Even though Apple loses out in the statistics, repairability is also something which needs to be considered when figuring out why people are purchasing less iPhones. The whole phone doesn’t usually die at once. It’s more often that different parts of the handset (the hardware, battery and peripherals) which lose working ability at different times and therefore, it needs to be repaired or just discarded for a new one.

The cost of the handset becomes extremely relevant at this point. The more expensive the phone, the more likely somebody is going to get the device repaired, instead of purchasing a new one. With the latest generation of iPhone – the XS – costing approximately £1,250 each and the two before that costing £750 (iPhone XR) and £950 (iPhone X), it seems like the most sensible decision to invest in getting it repaired, especially when only a small aspect of the phone needs to be fixed.

The Future of Apple

So, what’s the future of this mega brand and technology leader?

After the lull of the latest iPhone XR having to be discounted in price because not enough were sold after it launched, what is the future of this mega brand and technology leader?

There have been many theories about what Apple will look like in a year, five or 20 years time. Here are some of the most pragmatic predictions:

  • Products will evolve to become more wearable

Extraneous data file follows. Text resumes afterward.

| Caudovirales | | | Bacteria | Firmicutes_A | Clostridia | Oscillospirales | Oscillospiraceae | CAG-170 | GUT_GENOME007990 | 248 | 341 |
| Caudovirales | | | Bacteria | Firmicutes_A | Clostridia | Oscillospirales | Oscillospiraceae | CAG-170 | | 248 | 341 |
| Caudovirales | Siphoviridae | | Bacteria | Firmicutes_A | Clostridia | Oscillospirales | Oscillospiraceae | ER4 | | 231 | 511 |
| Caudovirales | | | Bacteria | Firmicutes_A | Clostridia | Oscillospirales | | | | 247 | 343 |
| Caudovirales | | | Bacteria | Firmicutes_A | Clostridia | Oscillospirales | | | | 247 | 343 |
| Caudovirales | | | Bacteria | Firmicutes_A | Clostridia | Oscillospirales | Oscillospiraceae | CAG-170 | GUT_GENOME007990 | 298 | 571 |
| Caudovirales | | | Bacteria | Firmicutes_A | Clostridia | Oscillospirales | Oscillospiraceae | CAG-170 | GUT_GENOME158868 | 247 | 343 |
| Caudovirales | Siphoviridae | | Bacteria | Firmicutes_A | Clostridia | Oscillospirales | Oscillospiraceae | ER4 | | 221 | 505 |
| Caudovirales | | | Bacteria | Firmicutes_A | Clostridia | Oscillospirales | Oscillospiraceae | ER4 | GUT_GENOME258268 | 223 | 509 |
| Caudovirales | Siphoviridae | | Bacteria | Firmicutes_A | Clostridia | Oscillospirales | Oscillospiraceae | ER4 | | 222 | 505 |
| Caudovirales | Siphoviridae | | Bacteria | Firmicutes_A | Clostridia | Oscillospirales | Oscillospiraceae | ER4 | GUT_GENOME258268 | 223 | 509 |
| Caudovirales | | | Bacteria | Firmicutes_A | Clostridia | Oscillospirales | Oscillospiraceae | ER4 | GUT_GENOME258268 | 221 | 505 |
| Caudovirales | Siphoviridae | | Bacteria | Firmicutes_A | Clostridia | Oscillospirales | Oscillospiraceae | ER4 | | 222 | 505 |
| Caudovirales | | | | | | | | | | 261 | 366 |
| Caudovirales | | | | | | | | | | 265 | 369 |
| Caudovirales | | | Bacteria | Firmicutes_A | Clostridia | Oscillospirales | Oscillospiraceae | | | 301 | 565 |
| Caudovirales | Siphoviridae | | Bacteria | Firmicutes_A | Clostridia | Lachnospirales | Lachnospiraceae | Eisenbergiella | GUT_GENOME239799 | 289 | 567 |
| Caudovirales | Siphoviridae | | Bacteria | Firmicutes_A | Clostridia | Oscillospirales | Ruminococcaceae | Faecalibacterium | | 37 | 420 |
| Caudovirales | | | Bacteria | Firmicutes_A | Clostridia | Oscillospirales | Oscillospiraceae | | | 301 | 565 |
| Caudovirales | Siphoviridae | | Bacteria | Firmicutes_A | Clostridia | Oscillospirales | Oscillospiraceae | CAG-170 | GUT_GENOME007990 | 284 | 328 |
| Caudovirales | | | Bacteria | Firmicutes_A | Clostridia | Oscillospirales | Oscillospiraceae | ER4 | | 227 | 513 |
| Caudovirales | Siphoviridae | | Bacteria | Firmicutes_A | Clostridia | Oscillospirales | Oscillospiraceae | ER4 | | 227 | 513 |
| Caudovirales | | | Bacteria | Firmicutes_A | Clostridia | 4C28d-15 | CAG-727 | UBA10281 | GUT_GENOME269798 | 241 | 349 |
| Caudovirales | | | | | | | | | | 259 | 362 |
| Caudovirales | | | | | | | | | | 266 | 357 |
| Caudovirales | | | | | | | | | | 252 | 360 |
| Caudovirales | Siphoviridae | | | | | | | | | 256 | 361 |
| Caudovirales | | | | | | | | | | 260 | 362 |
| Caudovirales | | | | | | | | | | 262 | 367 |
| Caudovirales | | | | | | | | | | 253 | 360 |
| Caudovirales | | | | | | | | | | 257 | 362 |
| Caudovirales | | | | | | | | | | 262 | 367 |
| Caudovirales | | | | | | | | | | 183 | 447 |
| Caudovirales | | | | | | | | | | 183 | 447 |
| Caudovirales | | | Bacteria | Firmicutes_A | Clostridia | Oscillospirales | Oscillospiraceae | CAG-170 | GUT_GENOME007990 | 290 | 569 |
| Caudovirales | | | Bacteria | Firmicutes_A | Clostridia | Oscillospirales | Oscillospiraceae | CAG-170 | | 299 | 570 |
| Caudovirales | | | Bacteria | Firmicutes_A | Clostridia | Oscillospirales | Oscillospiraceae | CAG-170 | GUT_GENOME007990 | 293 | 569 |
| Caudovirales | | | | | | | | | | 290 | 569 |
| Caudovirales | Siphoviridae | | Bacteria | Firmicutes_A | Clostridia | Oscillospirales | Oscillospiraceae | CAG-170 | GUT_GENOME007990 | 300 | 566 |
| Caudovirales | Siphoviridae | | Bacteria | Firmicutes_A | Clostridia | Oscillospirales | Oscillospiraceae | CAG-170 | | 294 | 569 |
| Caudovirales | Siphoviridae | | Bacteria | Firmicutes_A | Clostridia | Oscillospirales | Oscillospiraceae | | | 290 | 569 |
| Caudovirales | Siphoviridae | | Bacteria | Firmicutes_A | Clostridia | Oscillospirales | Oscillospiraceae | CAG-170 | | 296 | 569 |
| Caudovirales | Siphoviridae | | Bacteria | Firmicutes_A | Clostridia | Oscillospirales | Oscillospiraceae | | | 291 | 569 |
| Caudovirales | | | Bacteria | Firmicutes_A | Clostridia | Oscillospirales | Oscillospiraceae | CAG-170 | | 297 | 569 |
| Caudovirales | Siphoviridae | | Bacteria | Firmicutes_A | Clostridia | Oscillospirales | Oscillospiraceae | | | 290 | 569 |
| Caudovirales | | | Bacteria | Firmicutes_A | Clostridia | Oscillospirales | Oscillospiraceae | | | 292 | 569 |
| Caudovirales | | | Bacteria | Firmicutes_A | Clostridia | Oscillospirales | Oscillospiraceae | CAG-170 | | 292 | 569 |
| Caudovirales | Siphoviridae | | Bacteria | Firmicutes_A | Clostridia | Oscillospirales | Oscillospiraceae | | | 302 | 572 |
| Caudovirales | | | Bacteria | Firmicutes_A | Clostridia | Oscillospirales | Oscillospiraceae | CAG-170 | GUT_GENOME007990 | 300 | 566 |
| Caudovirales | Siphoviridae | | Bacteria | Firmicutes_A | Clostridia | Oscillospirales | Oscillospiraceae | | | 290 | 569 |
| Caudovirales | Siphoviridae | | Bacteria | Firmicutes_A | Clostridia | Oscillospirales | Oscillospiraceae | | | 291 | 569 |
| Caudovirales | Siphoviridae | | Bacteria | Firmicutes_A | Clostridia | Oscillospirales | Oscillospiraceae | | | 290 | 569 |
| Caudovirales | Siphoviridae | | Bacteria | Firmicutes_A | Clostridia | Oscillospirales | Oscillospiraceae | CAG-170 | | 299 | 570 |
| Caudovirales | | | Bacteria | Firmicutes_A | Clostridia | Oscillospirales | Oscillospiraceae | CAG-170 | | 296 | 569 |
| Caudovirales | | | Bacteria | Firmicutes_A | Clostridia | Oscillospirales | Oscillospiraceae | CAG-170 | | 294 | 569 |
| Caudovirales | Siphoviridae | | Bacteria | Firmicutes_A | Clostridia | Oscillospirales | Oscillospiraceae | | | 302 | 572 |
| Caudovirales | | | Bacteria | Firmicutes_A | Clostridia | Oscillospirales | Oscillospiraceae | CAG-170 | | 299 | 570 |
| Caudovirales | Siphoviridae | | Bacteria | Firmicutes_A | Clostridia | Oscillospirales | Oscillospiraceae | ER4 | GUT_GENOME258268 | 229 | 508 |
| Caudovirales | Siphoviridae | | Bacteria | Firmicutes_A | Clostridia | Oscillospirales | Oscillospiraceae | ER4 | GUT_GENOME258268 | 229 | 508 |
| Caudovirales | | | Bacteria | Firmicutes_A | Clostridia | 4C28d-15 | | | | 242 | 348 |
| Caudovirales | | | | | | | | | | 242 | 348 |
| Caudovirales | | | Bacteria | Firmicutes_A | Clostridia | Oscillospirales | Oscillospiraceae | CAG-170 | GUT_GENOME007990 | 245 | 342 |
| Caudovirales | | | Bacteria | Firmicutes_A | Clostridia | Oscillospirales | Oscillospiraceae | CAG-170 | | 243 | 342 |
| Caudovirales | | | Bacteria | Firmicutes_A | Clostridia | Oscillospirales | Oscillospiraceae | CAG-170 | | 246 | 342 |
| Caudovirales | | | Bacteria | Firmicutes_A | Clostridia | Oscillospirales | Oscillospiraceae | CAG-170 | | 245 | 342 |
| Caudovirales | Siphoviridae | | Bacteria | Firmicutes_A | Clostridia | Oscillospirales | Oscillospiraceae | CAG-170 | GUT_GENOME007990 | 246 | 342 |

The Apple Watch and Airpods dominated the sales of last year and this isn’t predicted to be a temporary trend. Ambience computing will become a more common aspect of future products created by Apple.

  • The shift from phones to glasses

Tying in with Apple products expected to become more wearable overtime, it’s been estimated that one day, most of us would have made the move from a handset to a wearable phone in the form of glasses.

  • Apple’s “Services” business

As one of the fastest growing areas of what Apple has to offer, Services is estimated to continue to increase in popularity. Apple Services includes Apple Music and its App Store.

 

Apple has never been very interested in invention, instead it’s focused on reinvention and evolution. The company lives by its model of phasing out successful products and transitioning people to the next (and often more expensive) model…which isn’t significantly different from the previous one, but offers something more elevated. However effective this business model has been for Apple, it also allows other technology brands to slot new, similar products into the market which Apple has decided to leave behind.